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Do you hang paintings in your apartment in Dubai? You may lose security deposit

Ashish Mehta
Filed on September 7, 2018 | Last updated on September 7, 2018 at 08.32 am

(alamy.com/ae)

Drilling on the wall may be considered structural damage.

I recently vacated a one-bedroom rented apartment in Dubai after residing in it for four years. I had paid Dh4,000 to the landlord as security deposit at the time of renting the apartment. The landlord has informed me that he will only refund Dh2,500 security deposit. I had got the apartment painted at my own cost during the period of my stay there. The landlord is contending that there is some difference in paint colour and does not match the colour at the time the apartment was rented to me. The deductions from security deposit also include drilling on walls for hanging paintings, clocks and hangers. Is this justified? How can I challenge it?

Pursuant to your queries, we assume that you had not taken prior approval of the landlord to paint the walls and to change the colour on the walls of the apartment. The tenant has to take necessary prior approvals from the landlord if he has to carry out any decoration or painting work within the premises. This is in accordance with Article 19 of Law No. 26 of 2007 regulating the relationship between landlord and tenants in the emirate of Dubai (the 'Dubai Rental Law'), which states, "The tenant must pay the rent on due dates and maintain the real property in such a manner as an ordinary person would maintain his own. Without prejudice to the tenant's obligation to carry out the restorations that have been agreed upon or which are customary for tenants to undertake the tenant may not make any changes or carry out any restoration or maintenance works to the real property unless so permitted by the landlord and after obtaining required licences from the competent official entities."

Further, drilling of holes on the wall may not be treated as reasonable wear and tear and considered as structural damages even if they look like minor changes. If you had undertaken to paint the wall and drill minor holes on the wall of the rented apartment based on the written consent of the landlord, you are now entitled to claim the security deposit from the landlord while vacating the premises in accordance with Article 20 of the Dubai Rental Law. It states, "When entering into a lease contract, the landlord may obtain from the tenant a security deposit to ensure maintenance of the real property upon the expiry of the contract, provided that the landlord undertakes to refund such deposit or remainder thereof to the tenant (when the contract ends)."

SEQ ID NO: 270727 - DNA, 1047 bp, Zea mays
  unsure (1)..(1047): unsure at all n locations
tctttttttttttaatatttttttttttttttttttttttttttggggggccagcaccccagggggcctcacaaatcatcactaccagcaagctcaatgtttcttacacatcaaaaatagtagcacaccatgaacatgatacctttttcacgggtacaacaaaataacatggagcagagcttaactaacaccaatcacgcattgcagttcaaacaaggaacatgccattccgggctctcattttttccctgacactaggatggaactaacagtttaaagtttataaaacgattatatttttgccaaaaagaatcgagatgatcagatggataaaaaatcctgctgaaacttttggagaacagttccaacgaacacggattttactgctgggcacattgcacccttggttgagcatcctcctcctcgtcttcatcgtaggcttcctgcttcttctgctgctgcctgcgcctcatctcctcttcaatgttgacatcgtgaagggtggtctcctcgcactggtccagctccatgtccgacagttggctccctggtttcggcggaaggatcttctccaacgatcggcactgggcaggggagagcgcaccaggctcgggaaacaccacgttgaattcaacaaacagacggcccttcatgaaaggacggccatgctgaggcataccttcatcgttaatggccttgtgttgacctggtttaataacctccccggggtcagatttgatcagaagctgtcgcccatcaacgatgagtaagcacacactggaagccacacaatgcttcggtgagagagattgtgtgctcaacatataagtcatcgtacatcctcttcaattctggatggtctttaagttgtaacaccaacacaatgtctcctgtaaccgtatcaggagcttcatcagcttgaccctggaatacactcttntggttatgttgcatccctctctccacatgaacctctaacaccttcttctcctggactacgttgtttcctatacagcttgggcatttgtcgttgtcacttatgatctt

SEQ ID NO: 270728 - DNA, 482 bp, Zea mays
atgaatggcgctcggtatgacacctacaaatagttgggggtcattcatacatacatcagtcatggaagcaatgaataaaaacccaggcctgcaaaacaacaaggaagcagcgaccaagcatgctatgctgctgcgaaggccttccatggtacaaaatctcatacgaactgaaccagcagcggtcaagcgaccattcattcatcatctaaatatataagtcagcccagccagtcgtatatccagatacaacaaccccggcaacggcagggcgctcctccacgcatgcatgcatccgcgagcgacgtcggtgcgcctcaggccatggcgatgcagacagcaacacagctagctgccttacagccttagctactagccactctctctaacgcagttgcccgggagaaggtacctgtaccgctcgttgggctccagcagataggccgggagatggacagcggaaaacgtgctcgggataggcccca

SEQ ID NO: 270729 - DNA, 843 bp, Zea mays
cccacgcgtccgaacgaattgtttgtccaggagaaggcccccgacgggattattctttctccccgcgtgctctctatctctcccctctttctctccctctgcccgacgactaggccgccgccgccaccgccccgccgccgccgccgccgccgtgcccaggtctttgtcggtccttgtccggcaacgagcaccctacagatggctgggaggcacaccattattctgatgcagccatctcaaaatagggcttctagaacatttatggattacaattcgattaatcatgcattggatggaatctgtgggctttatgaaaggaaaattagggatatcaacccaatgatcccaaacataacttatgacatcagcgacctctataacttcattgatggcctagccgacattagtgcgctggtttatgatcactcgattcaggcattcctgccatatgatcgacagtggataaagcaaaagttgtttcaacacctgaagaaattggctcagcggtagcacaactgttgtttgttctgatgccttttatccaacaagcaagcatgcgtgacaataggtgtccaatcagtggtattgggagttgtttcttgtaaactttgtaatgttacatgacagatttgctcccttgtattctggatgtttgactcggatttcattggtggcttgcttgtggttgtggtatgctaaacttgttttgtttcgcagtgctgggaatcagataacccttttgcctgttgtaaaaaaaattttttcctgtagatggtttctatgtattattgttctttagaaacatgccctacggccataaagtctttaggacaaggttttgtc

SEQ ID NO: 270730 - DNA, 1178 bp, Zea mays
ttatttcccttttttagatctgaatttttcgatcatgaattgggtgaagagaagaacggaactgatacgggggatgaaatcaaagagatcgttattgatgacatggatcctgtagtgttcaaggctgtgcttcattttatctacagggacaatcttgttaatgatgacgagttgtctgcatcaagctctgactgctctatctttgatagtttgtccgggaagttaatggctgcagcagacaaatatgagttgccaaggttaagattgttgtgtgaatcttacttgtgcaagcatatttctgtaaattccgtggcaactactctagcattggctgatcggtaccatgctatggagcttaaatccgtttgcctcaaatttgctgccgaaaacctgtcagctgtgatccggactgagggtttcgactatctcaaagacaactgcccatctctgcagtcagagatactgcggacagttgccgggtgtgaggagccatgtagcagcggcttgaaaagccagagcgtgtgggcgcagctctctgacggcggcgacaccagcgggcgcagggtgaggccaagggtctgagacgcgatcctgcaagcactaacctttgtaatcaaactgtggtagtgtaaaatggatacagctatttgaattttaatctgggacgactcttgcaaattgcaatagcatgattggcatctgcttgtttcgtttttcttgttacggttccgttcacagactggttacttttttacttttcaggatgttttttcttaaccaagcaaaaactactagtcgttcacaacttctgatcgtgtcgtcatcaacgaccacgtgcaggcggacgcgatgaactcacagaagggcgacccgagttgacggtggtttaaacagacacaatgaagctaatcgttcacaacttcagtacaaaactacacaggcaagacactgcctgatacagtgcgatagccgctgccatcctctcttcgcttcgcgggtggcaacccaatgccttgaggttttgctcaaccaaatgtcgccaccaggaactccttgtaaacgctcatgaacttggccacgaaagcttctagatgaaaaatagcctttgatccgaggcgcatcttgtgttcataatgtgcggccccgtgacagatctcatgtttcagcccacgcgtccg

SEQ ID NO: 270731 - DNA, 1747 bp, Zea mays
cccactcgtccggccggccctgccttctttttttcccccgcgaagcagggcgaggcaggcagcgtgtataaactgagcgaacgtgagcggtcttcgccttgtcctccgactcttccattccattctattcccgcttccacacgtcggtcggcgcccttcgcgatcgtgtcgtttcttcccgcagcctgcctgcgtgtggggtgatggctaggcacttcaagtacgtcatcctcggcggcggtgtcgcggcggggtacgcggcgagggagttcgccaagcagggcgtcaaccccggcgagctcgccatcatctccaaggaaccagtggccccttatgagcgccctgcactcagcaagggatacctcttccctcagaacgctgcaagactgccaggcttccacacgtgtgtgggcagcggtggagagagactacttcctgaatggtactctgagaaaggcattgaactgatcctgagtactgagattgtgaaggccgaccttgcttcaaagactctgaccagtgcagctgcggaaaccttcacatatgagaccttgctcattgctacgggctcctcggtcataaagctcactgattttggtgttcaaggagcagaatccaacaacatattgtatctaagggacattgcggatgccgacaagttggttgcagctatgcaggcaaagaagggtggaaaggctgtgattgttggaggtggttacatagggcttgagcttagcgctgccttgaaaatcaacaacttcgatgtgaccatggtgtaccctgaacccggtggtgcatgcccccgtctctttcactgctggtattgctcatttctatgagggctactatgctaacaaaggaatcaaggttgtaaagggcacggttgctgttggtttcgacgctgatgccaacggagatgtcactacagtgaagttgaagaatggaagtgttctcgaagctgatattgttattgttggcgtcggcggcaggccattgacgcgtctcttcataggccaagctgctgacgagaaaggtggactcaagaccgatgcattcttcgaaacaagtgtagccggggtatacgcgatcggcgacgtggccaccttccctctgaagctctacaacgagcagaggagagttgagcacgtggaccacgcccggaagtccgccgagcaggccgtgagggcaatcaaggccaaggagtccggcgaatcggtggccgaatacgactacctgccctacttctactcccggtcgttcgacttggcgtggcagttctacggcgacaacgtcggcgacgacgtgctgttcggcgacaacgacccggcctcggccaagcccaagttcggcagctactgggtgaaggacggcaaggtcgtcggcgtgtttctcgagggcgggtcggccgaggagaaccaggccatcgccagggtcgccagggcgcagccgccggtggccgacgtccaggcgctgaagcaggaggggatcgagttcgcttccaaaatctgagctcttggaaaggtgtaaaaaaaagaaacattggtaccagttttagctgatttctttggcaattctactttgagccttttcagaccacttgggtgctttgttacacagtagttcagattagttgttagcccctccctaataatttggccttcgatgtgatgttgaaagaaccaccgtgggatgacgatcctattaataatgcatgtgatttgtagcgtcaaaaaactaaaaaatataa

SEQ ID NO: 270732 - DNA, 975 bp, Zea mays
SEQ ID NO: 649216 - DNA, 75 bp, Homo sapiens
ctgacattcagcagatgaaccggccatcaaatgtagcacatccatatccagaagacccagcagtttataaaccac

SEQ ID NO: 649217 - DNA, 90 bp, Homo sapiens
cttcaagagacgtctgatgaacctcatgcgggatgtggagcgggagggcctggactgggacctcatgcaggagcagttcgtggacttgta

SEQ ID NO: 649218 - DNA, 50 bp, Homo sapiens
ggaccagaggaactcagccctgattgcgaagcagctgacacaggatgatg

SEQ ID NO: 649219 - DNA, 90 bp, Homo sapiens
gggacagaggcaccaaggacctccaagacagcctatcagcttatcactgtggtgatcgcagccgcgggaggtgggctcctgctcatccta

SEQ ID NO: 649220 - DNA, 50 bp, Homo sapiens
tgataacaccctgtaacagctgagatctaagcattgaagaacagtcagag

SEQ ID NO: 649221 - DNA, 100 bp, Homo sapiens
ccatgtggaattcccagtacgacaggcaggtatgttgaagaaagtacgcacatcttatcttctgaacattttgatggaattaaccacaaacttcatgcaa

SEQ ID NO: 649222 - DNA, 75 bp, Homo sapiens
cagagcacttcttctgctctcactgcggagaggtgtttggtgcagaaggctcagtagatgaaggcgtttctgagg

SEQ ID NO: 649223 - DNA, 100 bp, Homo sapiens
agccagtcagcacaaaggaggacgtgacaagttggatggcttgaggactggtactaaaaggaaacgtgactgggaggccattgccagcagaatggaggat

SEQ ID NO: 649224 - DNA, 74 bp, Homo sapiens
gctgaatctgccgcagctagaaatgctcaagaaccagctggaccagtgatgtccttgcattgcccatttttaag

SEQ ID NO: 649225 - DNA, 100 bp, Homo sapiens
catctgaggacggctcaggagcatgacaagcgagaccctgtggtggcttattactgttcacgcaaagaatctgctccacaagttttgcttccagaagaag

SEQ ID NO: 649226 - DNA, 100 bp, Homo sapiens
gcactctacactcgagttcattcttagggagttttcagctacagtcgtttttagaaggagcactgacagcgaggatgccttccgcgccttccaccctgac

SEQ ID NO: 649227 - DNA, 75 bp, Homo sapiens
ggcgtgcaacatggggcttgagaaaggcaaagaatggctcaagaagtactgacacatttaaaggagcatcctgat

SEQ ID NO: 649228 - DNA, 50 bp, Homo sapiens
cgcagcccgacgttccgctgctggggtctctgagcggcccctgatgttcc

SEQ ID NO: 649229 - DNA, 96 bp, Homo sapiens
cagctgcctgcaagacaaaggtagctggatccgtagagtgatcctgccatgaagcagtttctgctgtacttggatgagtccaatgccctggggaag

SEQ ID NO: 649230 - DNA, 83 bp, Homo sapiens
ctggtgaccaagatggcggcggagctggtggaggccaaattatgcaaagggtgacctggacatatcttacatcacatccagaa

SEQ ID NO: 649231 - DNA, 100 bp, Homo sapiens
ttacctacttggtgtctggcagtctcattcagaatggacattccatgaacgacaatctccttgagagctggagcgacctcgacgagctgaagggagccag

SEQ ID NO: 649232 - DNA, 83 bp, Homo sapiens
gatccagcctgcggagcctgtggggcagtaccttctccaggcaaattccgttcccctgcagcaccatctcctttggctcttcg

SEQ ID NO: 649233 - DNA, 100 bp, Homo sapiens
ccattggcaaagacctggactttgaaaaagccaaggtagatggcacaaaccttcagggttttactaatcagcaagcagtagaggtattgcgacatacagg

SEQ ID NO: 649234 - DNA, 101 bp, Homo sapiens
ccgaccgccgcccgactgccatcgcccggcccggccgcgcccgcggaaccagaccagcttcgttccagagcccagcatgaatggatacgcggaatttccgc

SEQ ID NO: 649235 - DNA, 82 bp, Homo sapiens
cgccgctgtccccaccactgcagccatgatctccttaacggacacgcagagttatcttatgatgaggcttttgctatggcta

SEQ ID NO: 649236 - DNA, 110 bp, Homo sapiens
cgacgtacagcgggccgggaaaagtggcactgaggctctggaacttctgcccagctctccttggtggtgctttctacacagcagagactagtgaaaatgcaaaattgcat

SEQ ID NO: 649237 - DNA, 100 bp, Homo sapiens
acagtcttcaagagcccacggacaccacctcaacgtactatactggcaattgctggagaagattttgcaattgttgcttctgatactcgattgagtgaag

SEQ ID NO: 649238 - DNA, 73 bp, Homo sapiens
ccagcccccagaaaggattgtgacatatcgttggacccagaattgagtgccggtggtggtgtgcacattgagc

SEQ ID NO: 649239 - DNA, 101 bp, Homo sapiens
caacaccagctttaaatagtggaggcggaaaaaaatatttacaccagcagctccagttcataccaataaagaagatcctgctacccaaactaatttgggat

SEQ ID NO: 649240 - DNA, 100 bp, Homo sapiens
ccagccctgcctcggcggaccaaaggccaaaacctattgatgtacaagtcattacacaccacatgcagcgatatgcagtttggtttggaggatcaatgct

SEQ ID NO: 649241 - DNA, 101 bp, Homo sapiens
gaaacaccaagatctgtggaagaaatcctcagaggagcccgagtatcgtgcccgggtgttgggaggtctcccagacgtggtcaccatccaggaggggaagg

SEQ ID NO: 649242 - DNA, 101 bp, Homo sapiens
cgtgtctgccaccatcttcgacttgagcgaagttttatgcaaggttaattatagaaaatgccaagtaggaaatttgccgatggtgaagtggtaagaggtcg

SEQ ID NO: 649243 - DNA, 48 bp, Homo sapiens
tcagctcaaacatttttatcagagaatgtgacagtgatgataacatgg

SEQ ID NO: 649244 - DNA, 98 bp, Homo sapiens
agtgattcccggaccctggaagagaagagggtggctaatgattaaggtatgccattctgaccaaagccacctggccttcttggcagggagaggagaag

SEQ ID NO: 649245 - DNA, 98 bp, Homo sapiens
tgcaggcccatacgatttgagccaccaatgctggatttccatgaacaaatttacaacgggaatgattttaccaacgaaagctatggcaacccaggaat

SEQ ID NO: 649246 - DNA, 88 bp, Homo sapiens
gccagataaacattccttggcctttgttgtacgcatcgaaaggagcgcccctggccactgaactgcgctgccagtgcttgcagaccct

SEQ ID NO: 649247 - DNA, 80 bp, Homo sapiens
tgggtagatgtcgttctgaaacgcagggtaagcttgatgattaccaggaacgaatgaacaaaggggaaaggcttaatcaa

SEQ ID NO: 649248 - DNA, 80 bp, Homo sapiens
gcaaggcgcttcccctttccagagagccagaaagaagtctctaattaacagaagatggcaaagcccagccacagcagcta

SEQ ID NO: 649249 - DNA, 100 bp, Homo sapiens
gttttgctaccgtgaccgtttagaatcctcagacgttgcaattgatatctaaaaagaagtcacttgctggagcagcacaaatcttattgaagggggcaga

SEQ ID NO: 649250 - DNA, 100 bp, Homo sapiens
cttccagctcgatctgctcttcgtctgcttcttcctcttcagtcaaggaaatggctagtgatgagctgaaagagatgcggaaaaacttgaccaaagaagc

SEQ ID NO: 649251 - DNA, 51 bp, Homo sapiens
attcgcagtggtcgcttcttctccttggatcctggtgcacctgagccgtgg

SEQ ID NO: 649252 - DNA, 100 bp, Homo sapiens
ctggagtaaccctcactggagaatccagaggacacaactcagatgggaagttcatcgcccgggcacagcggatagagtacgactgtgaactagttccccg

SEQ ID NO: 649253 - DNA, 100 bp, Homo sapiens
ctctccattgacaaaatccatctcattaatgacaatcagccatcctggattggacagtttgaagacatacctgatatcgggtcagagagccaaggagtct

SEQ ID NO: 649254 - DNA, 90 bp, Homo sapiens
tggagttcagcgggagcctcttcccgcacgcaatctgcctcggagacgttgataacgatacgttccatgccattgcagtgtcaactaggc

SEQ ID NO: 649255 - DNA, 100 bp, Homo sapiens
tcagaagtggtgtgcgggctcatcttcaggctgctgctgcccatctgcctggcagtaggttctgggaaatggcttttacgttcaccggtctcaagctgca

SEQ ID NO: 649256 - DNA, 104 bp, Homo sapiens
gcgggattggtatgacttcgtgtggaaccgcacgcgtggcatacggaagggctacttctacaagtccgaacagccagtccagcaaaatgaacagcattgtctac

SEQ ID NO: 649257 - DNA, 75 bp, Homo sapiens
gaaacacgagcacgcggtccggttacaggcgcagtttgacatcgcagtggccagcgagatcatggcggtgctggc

The tenant has to hand over the rented apartment to the landlord in the same condition as it was when its possession was taken. This is in accordance with Article 21 of the Dubai Rental Law, which states, "Upon the expiry of the term of the lease contract, the tenant must surrender possession of the real property to the landlord in the same condition in which it was received at the time of entering into the agreement, except for ordinary wear and tear or damage due to reasons beyond tenant's control. In the event of dispute between the two parties, the matter must be referred to the tribunal to issue an award in this regard."

However, based on the aforementioned scenarios, the interpretations related to reasonable wear and tear and structural changes may vary from case to case. The interpretation of the same is as per the perception and understanding of an individual. Therefore, you may approach Dubai Rental Dispute Centre in Dubai to seek further advise on the refund of security deposit.

Know the law

Upon the expiry of the term of the lease contract, the tenant must surrender possession of the real property to the landlord in the same condition in which it was received at the time of entering into the agreement, except for ordinary wear and tear or damage due to reasons beyond control.

Ashish Mehta is the founder and Managing Partner of Ashish Mehta & Associates. He is qualified to practise law in Dubai, the United Kingdom, Singapore, and India. Full details of his firm on: www.amalawyers.com. Readers may e-mail their questions to: news@khaleejtimes.com or send them to Legal View, Khaleej Times, PO Box 11243, Dubai


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